- Simple driving techniques to save fuel
- What to check on your car to avoid wasting energy
- Why are claimed MPG figures hard to reach?
Achieving official fuel economy figures is often challenging – and increased scrutiny over emissions cheating and changes to the test programme have highlighted the gap between claimed and real-world costs for motorists.
Our own long term car reviews show many cars returning less than 75% of their claimed figures, with some as low as 60% - even when driven carefully.
How can you get better economy, then? There are a few small changes you can make right now, to both your car and your driving habits, that could improve the figures and get more miles per gallon. Here are our top tips for eco-friendly driving.
Official mpg figures versus real-world driving
Until recently, the standard fuel economy tests were part of a programme called the New European Driving Cycle or NEDC, which dated back to 1970. Undertaken in laboratory conditions, on a rolling road, the predetermined 'drive' specified the time taken to reach set speeds and which gears were used.
Over the time NEDC testing applied, the size and power outputs of cars changed dramatically – with average 0-62mph times dropping from 13 seconds to 9.0 seconds. In-car technology changed substantially too; and despite updates in 1997, it's clear the assumptions made for testing and some manufacturers 'gaming' the system through gearing and engine mapping often gave unrealistic results.
A global scheme to make testing more realistic and to harmonise emissions testing around the world is now in place – World Light Testing Programme or WLTP. This also includes real-world testing, and in theory will reveal figures that are closer to what drivers can expect for both economy and emissions.
Regardless of the tests used to get your car's official figures, there are several things you can do to get the best economy from your car.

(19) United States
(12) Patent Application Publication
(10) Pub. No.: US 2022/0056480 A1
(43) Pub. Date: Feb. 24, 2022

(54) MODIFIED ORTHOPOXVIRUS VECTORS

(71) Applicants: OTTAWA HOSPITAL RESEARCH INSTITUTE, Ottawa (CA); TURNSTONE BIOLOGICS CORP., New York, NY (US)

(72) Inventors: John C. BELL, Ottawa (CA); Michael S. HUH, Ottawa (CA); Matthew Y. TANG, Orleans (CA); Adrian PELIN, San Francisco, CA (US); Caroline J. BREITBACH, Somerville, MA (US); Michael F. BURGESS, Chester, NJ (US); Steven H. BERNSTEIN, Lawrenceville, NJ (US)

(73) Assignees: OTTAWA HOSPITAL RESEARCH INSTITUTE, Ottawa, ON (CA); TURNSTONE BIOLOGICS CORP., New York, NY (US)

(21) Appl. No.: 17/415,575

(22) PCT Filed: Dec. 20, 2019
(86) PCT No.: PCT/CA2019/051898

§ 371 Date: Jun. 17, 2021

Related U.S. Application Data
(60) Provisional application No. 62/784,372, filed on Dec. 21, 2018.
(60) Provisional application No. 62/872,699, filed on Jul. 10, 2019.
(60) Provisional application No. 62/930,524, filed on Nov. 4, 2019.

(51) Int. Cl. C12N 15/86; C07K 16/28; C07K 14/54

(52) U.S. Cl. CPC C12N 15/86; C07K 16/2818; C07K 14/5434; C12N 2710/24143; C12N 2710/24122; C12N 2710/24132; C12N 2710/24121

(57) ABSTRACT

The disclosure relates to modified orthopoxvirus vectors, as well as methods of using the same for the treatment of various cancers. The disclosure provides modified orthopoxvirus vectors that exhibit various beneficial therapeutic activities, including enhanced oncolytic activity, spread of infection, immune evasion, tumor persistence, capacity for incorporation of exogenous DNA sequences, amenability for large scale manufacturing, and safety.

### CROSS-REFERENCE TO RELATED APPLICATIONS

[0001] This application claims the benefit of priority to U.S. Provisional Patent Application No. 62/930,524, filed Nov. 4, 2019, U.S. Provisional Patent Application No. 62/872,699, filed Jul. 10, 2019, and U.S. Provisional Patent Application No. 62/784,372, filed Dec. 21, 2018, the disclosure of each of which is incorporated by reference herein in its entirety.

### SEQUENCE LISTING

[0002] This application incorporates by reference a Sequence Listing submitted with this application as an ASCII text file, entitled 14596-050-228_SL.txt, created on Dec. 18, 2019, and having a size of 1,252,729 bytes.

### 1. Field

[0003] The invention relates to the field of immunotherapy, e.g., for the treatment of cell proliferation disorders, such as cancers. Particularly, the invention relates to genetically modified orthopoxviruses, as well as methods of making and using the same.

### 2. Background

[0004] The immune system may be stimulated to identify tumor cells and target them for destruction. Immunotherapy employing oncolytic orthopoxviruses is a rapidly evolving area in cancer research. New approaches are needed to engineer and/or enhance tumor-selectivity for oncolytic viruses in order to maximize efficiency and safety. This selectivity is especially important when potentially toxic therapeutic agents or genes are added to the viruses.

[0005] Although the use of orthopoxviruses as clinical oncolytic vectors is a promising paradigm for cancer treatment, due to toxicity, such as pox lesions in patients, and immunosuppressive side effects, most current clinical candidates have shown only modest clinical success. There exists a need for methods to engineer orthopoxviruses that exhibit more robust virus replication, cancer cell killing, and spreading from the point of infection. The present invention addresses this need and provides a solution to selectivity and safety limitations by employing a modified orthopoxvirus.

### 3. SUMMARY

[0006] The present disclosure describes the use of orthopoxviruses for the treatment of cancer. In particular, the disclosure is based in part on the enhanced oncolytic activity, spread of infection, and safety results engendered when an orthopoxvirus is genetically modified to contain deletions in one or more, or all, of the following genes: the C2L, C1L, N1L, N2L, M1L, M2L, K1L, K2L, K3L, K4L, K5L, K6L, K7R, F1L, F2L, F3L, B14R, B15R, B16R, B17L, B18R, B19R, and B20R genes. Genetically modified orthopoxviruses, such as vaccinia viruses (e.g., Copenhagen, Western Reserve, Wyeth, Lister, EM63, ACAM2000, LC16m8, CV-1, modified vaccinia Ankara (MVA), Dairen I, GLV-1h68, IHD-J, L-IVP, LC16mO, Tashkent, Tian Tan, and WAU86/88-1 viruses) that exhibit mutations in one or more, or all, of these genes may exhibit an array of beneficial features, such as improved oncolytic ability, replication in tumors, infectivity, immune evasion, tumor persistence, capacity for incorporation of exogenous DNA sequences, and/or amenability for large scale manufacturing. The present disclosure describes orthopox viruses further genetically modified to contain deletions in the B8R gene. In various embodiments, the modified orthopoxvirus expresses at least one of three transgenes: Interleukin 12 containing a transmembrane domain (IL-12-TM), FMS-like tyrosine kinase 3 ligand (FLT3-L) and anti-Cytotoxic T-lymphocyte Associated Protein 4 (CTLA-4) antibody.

Change your driving style for economy
Speed affects fuel economy significantly; typically the faster you go, the more fuel you'll use. Reducing speed generally reduces the amount of fuel needed.
How quickly you accelerate, or recover speed after hard braking, has a greater effect and is easier to influence regardless of road conditions and car performance. Anticipating the conditions ahead, and making small, progressive changes rather than abrupt reactions can yield the largest gains in economy without affecting your average speed and journey time.
Slowing down early when approaching red lights or slower traffic can help you avoid the need to stop – and subsequently pull away from standstill.
Most manual transmission cars now include a shift indicator, and changing gear when suggested will give optimum economy. Automatic cars may feature an economy mode, but all will respond well to smaller inputs on the accelerator; rather than aiming to reach the speed limit rapidly. Allowing the car to naturally build pace smoothly with a gentle touch of the pedal will cost little time and save money.
If your car is equipped with cylinder deactivation – where some of the engine cylinders shut down when driven gently - learn when it activates in each gear and try to increase the amount of time spent cruising at those speeds. Over busy routes it's likely your average speed won't be affected, but consumption will be significantly reduced.